Tags: oil | companies | taint | drinkable | water

Oil Companies Taint Drinkable Water in California's Central Valley

By    |   Tuesday, 03 Feb 2015 12:59 PM

Oil companies have been allowed to taint drinkable water supplies in drought-ravaged central California for years as state regulators gave them the OK to dump wastewater into aquifers.

Groundwater has been an increasingly important supply of water for Californians faced with several years of a severe drought. According to a new report in the San Francisco Chronicle, the state has allowed oil companies to drill more than 170 waste-disposal wells into aquifers suitable for drinking or irrigation.

Many of the waste-injection wells have been built in the Central Valley region where so much groundwater has been pumped that the land has started to sink.

"It is an unfolding catastrophe, and it's essential that all oil and gas wastewater injection into underground drinking water stop immediately," Kassie Siegel, director of the Climate Law Institute at the Center for Biological Diversity environmental group, told the Chronicle.

The San Jose Mercury News reported that 2012, 2013, and 2014 made up the driest three-year period in recorded California history dating back to 1850. An unmovable ridge of high-pressure air off the West Coast has acted like a battering ram for Pacific storms, sending the much-needed rain north into Canada, then down along the East Coast with large amounts of snow.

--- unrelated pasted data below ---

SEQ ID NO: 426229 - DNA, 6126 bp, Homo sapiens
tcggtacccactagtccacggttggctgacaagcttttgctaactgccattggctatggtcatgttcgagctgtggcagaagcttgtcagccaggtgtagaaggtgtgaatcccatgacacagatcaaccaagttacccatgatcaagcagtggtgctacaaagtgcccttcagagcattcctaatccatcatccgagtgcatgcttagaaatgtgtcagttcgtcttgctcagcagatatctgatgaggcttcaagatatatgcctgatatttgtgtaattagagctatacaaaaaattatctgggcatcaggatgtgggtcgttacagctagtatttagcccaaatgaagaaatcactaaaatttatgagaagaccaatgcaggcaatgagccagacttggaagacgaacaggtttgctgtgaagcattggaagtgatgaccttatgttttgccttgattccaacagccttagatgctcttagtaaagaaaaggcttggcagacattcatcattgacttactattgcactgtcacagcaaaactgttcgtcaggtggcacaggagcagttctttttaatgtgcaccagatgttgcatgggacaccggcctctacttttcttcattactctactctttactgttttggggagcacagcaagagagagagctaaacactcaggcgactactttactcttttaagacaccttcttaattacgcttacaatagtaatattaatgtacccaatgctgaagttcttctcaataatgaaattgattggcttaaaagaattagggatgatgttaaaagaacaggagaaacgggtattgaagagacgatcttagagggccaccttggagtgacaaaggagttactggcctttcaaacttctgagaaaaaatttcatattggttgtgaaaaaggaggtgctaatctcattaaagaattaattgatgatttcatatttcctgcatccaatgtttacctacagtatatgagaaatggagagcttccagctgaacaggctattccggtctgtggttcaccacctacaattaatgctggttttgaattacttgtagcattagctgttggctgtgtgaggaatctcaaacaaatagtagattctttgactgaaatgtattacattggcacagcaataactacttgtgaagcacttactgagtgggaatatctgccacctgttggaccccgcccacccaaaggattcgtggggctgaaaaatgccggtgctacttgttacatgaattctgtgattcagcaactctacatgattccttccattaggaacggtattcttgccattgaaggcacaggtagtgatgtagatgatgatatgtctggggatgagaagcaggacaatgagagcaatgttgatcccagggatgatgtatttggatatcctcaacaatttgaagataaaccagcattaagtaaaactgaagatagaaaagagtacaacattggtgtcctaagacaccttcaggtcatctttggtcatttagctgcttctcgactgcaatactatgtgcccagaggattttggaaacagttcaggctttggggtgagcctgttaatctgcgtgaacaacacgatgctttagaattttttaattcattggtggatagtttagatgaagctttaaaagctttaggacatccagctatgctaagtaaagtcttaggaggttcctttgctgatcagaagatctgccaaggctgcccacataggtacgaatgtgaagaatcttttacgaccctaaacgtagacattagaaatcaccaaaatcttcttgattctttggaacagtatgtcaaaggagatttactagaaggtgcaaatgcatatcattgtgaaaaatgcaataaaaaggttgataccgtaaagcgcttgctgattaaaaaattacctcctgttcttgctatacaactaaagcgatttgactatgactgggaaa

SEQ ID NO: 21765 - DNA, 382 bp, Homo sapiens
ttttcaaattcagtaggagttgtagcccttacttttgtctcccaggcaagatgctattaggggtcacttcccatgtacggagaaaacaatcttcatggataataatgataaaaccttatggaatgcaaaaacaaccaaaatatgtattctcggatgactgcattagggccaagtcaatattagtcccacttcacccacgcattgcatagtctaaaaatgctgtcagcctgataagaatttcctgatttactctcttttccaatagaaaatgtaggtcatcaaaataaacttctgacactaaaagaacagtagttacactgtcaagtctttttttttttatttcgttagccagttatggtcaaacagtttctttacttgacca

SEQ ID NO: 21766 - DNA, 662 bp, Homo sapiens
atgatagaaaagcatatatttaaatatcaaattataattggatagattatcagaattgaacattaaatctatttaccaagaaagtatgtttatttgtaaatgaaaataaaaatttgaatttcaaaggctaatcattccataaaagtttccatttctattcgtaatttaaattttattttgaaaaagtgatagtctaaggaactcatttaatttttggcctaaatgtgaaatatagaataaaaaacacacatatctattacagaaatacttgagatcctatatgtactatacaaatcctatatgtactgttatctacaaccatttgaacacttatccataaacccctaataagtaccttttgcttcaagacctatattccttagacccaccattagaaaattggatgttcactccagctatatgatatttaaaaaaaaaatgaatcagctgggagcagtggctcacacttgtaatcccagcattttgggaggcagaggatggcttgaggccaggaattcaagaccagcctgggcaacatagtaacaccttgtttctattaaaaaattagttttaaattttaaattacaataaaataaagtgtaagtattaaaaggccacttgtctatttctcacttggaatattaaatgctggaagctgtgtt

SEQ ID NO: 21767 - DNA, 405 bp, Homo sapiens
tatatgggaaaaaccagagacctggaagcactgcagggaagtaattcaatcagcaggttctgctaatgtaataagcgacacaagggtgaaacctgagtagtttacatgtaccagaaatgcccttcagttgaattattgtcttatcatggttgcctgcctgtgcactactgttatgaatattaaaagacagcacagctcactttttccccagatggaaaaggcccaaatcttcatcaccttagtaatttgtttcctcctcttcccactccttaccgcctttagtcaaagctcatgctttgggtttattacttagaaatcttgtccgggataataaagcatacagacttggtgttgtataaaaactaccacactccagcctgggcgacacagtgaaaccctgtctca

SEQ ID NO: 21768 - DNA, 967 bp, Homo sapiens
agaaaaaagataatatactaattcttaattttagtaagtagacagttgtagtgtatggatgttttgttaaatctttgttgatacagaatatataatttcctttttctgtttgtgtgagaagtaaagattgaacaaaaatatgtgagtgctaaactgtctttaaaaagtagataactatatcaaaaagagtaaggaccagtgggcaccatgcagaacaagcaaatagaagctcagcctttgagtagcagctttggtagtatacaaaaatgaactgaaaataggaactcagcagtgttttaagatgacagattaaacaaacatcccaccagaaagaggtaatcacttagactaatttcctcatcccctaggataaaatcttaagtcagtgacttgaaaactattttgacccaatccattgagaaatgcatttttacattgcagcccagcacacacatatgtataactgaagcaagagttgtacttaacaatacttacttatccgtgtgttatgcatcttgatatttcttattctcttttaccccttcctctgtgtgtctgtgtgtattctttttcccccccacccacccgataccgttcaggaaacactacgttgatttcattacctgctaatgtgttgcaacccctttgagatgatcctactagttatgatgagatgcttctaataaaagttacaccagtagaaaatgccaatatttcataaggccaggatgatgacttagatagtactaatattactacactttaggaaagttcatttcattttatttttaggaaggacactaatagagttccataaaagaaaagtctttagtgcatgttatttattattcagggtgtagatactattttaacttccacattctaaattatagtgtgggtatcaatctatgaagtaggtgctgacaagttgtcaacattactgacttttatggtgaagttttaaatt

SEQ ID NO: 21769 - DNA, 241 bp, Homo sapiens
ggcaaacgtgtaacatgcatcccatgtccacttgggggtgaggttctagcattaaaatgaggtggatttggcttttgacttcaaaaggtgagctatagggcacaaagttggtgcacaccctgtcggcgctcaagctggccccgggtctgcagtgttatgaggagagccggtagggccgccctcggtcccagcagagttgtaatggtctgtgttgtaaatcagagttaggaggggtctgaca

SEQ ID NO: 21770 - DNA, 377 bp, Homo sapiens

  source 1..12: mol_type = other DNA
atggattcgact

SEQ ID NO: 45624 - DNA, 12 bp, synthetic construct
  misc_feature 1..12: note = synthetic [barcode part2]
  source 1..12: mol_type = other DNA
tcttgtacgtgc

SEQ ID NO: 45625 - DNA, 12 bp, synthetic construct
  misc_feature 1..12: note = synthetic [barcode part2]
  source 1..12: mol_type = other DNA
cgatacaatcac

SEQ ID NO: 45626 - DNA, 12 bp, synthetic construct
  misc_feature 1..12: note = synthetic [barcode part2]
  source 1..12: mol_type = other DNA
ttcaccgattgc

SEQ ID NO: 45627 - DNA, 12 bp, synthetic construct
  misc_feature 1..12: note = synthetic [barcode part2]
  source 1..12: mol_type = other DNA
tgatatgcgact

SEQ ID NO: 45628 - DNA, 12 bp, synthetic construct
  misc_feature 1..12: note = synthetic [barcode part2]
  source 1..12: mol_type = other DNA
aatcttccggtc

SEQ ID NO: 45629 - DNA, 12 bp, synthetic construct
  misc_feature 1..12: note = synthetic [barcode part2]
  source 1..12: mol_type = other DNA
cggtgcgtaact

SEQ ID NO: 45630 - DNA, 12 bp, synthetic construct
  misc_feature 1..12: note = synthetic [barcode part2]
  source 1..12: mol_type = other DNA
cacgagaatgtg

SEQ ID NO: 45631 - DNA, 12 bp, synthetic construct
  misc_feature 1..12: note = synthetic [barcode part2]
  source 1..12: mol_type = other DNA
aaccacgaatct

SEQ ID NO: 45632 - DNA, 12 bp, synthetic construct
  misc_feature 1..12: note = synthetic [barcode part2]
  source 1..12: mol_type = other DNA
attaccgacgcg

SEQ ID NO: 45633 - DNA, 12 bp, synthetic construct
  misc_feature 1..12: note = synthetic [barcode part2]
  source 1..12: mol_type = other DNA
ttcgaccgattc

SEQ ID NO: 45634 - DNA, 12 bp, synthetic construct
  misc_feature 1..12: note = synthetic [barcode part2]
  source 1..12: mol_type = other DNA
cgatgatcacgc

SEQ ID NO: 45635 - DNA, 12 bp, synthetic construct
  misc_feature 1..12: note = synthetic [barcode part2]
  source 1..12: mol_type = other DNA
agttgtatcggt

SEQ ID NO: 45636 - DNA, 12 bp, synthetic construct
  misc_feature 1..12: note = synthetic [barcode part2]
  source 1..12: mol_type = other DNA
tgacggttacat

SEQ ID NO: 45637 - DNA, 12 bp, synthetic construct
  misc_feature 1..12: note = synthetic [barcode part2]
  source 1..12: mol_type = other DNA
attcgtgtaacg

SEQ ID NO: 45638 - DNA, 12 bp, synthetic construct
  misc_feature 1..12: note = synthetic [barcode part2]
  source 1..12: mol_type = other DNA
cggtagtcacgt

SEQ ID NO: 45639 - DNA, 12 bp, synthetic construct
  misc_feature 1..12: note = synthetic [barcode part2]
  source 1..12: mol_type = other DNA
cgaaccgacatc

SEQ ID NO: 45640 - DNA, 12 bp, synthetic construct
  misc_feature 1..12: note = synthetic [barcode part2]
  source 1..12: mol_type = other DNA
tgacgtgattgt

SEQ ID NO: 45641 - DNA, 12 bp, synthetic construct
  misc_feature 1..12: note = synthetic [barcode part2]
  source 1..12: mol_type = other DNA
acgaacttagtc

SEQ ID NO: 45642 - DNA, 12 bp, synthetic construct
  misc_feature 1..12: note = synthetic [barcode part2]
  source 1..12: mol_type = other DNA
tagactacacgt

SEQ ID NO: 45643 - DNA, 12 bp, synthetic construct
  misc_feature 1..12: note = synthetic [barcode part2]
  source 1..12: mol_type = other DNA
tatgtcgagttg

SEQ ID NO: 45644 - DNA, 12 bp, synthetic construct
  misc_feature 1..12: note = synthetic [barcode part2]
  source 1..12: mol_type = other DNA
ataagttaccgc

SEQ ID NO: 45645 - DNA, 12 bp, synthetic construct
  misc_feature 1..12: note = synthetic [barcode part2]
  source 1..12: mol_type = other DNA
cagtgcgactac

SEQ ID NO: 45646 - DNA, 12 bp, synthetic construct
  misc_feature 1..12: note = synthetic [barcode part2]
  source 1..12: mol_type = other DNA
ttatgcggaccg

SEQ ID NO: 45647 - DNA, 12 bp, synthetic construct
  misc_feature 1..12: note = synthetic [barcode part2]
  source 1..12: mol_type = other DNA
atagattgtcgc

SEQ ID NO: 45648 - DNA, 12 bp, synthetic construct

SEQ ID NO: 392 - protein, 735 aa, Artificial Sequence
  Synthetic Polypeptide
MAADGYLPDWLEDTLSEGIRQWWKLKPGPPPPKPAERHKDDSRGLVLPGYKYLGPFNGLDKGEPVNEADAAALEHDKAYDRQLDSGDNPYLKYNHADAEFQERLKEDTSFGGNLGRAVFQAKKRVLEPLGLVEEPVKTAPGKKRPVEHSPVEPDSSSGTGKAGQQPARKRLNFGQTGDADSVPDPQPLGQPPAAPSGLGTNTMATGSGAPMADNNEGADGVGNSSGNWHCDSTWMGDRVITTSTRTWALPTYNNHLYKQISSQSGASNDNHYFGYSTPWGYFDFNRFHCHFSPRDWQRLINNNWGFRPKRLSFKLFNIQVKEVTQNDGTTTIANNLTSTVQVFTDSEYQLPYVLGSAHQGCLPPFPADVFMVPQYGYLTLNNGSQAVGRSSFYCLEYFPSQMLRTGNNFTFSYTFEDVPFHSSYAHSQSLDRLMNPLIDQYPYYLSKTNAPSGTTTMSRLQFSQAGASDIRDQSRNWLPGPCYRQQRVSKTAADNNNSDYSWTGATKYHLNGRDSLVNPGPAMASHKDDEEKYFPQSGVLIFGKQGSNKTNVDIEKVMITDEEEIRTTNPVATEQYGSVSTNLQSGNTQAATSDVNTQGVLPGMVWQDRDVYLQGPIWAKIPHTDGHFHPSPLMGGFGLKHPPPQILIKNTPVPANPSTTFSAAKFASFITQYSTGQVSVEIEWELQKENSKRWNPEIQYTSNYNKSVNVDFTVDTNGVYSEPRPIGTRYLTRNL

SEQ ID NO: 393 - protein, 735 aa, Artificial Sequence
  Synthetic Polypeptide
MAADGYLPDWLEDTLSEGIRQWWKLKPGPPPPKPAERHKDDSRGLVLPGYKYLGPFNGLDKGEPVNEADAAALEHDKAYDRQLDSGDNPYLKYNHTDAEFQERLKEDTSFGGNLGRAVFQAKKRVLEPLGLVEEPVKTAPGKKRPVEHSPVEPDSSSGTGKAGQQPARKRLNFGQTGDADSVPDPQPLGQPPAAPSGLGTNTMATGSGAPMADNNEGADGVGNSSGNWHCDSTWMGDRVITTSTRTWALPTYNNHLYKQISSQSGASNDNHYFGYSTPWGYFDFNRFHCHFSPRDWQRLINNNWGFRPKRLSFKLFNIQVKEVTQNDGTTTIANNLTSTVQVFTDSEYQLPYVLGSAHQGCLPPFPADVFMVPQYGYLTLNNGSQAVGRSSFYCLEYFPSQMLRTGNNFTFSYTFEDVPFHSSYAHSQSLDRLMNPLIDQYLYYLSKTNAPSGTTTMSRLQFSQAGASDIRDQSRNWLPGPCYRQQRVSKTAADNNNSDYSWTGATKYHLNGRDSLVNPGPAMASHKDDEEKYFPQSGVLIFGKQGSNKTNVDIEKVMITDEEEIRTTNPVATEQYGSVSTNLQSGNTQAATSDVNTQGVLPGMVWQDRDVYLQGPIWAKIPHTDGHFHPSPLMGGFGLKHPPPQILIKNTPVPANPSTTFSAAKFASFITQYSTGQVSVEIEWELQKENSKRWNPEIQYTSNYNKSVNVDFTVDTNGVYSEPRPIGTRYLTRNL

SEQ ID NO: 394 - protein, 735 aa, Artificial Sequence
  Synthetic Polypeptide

"And it has left California with record hot temperatures — Monterey Bay beaches were full of people in shorts and swimwear through January — and very little rain," the Mercury News reported. "The ridge broke down in December, bringing several soaking storms. But it came right back in January. San Francisco received not a single drop of rain for the entire month of January, the first time in its history."

"San Jose and Sacramento also recorded their driest January ever, dashing hopes after the wet December that the drought may finally be ending," the newspaper continued.

In central California, state officials have found no contamination to drinking water well so far after testing, according to the Chronicle. The Environmental Protection Agency, though, is still considering taking control of waste-injecting wells, something the state has done for the past 30 years.

"If there are wells having a direct impact on drinking water, we need to shut them down now," Jared Blumenfeld, regional administrator for the EPA, told the Chronicle. "Safe drinking water is only going to become more in demand."

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Oil companies have been allowed to taint drinkable water supplies in drought-ravaged central California for years as state regulators gave them the OK to dump wastewater into aquifers.
oil, companies, taint, drinkable, water
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2015-59-03
Tuesday, 03 Feb 2015 12:59 PM
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